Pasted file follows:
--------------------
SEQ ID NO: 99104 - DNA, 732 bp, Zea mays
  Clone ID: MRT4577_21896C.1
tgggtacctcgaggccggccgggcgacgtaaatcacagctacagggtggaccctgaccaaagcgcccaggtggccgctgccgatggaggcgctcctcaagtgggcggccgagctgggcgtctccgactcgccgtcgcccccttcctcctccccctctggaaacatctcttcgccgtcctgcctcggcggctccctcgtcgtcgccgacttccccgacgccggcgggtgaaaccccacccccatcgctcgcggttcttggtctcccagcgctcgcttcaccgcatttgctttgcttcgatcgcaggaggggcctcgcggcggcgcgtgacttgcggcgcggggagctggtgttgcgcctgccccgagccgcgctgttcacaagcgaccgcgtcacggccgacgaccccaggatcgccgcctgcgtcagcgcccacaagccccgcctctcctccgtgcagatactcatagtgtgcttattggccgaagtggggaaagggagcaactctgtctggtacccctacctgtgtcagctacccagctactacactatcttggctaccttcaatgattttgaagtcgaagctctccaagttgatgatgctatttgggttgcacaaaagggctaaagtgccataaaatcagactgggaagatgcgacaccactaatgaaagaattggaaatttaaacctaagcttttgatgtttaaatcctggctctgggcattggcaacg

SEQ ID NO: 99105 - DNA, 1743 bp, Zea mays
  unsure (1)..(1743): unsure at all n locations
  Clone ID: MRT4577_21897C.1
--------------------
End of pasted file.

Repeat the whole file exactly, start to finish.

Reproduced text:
SEQ ID NO: 99104 - DNA, 732 bp, Zea mays
  Clone ID: MRT4577_21896C.1
tgggtacctcgaggccggccgggcgacgtaaatcacagctacagggtggaccctgaccaaagcgcccaggtggccgctgccgatggaggcgctcctcaagtgggcggccgagctgggcgtctccgactcgccgtcgcccccttcctcctccccctctggaaacatctcttcgccgtcctgcctcggcggctccctcgtcgtcgccgacttccccgacgccggcgggtgaaaccccacccccatcgctcgcggttcttggtctcccagcgctcgcttcaccgcatttgctttgcttcgatcgcaggaggggcctcgcggcggcgcgtgacttgcggcgcggggagctggtgttgcgcctgccccgagccgcgctgttcacaagcgaccgcgtcacggccgacgaccccaggatcgccgcctgcgtcagcgcccacaagccccgcctctcctccgtgcagatactcatagtgtgcttattggccgaagtggggaaagggagcaactctgtctggtacccctacctgtgtcagctacccagctactacactatcttggctaccttcaatgattttgaagtcgaagctctccaagttgatgatgctatttgggttgcacaaaagggctaaagtgccataaaatcagactgggaagatgcgacaccactaatgaaagaattggaaatttaaacctaagcttttgatgtttaaatcctggctctgggcattggcaacg

SEQ ID NO: 99105 - DNA, 1743 bp, Zea mays
  unsure (1)..(1743): unsure at all n locations
  Clone ID: MRT4577_21897C.1